Video: Gray Fox Comes to Lindsay Wildlife Hospital
Featured Patient: Baby Gray Fox Recovering Thanks to Lindsay Wildlife Hospital
WALNUT CREEK — During one of the busiest spring baby season’s Lindsay Wildlife Rehabilitation Hospital staffers have ever experienced, a new patient, a baby gray fox, came into the hospital Sunday, April 26.
The four-week-old fox was brought in by rescuers who heard him crying on their property in Contra Costa County. The owners waited hours to see if the fox’s mom, or siblings, came but when it was clear he was orphaned they brought him to Lindsay, according to Associate Veterinarian Lana Krol, DVM.
A little on the thin side, his prognosis is good, she says. He was examined and found to be generally healthy, though he was treated for fleas, Krol said. As is Lindsay protocol, the fox was sent home with Kathy Jones, one of Lindsay’s mammal homecare specialists. There he will be weaned to solid food and then transferred to another Bay Area facility that specializes in “teaching” these animals to behave like foxes, both socially and like predators, according to Krol.
“Gray foxes are beautiful creatures that are difficult to spot in the wild,” she said. “We hope that with the proper rehabilitative care, this little guy won’t be seen by many more people in the future.”
So far the fox is doing well, eating well and appropriately growls at Jones when she approaches the cage, she said. Often, when he thinks no one is around he can be heard singing, Jones said.
The goal of Lindsay Wildlife Experience is to keep these animals wild and get them back out into nature.
“Although we are glad that this animal made it to us, we do recommend that members of the public call us at the Lindsay Wildlife Rehabilitation Hospital prior to handling any baby animal,” Krol said.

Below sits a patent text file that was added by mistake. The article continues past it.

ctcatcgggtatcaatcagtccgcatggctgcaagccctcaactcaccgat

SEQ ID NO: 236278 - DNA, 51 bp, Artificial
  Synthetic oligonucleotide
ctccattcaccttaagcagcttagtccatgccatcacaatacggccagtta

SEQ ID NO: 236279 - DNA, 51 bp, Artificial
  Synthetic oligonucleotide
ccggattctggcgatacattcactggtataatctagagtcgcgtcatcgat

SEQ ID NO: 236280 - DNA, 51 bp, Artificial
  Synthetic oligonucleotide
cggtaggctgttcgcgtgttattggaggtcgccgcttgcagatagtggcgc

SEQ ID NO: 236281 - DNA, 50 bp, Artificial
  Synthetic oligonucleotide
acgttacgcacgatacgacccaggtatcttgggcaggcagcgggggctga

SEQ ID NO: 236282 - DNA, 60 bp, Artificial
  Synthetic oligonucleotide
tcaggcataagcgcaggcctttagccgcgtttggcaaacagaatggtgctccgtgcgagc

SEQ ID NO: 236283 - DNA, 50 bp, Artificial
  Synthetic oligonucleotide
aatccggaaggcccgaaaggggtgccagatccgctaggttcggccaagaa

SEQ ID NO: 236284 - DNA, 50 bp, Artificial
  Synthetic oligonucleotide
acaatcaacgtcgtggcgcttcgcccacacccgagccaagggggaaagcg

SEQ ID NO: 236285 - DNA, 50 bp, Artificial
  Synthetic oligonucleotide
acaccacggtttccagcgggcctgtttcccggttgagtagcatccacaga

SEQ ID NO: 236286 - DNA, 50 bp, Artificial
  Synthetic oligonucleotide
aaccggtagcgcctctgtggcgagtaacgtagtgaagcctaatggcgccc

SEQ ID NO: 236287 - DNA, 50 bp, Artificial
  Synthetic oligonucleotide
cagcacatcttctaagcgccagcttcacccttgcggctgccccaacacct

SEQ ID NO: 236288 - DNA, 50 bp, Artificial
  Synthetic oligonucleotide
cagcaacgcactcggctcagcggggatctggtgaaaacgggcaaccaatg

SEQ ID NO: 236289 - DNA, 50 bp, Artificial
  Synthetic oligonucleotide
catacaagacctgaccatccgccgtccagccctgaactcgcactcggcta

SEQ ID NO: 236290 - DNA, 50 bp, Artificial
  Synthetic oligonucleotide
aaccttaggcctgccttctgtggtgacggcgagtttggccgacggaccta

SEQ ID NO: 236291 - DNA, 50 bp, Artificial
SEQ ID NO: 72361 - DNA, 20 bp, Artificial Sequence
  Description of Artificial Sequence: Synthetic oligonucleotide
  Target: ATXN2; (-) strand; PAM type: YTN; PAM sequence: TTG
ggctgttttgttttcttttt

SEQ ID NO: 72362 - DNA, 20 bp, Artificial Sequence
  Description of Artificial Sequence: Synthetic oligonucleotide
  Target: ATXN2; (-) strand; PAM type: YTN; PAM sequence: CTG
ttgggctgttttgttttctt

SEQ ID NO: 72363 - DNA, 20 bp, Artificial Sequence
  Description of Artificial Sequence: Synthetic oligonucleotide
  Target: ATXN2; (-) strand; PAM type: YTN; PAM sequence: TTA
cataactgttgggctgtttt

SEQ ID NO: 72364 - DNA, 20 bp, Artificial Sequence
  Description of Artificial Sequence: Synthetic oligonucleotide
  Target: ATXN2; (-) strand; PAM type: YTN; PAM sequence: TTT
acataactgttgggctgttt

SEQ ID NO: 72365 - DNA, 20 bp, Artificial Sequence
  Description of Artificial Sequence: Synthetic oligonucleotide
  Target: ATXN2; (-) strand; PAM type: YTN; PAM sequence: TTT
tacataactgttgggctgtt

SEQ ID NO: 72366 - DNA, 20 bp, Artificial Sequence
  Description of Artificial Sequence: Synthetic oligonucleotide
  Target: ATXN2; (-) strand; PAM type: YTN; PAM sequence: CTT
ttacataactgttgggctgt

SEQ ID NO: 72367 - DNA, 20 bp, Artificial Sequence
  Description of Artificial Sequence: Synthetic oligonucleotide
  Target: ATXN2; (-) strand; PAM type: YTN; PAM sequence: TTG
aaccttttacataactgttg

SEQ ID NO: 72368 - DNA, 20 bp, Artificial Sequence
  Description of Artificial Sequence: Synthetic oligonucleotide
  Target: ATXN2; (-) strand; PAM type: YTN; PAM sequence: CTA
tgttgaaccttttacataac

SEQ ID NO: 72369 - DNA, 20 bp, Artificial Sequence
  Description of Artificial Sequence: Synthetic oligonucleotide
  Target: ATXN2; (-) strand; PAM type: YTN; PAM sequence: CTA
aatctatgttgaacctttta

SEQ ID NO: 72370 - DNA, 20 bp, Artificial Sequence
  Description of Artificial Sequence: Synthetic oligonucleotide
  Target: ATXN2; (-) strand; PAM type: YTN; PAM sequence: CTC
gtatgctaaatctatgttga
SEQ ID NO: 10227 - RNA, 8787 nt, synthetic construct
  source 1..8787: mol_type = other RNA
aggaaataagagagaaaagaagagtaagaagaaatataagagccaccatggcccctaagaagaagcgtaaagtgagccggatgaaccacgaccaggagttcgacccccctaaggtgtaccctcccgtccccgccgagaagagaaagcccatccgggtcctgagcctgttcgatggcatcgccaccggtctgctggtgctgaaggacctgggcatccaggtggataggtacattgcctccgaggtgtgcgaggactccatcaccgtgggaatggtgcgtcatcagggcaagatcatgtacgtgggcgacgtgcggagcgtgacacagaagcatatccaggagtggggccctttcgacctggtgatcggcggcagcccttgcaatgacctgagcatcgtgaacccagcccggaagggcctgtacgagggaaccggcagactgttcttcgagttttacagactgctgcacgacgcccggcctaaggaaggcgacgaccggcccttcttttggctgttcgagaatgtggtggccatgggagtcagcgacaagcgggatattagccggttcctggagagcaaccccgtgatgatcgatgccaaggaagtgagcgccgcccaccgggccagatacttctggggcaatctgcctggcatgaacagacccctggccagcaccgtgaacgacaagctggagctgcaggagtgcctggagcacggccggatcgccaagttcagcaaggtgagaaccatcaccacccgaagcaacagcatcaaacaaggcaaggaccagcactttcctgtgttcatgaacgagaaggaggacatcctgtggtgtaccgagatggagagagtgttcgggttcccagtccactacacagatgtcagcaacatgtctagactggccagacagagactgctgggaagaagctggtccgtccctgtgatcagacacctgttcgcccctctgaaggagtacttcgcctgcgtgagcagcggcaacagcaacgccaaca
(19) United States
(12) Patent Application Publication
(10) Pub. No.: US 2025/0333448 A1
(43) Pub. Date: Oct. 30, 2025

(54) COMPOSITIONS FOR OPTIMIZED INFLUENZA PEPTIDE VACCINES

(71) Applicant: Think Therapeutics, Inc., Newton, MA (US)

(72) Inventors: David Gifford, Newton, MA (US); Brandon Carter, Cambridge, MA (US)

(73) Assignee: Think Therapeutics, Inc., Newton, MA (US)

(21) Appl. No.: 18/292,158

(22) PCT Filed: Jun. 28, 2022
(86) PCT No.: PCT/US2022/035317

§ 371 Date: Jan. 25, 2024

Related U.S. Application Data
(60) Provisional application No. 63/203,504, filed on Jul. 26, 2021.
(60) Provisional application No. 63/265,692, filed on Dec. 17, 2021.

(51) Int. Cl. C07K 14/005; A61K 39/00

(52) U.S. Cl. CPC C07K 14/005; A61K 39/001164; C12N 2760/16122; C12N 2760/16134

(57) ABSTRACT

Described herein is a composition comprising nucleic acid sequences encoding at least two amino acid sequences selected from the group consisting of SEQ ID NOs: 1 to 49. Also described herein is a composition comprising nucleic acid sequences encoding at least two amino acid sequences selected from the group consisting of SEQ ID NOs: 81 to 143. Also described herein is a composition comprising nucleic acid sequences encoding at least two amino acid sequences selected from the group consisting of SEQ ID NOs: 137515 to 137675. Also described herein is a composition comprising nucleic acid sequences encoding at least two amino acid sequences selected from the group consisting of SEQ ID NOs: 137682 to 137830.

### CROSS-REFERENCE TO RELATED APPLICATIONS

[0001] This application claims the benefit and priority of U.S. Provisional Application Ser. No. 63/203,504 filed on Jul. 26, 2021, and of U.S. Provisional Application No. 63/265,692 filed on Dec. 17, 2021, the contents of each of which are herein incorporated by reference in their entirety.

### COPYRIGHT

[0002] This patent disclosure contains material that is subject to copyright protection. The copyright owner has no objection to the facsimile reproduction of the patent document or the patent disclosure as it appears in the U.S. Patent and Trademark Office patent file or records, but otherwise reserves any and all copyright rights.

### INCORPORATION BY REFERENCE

This patient is just one of hundreds the hospital has taken since the beginning of the year. While spring is typically the busiest time, the hospital has been filled with patients since March. As of April 28, 1,718 animals had been brought in so far this year, last year at this time that number was 1,200.
“We’re seeing record numbers of animals at the hospital this season,” said Executive Director Norma Bishop. “We want to save as many of them as possible but we’ll need the public’s help. We ask that people visit us on our website or call to make a donation. Every dollar counts.”
To help this fox and other animals just like him go to lindsaywildlife.org/donations/
The hospital treated more than 5,500 wild animals last year. Helping injured animals, and the people who find them, is everyday work for Lindsay, which is celebrating its 60th anniversary in 2015 and is the first wildlife rehabilitation hospital in the nation. Anyone can call Lindsay Wildlife’s hotline, at 925-935-1978, for help or advice if they find an injured or wild animal on their property. Lindsay Wildlife is located at 1931 1st Ave. in Walnut Creek. For more information, go to www.lindsaywildlife.org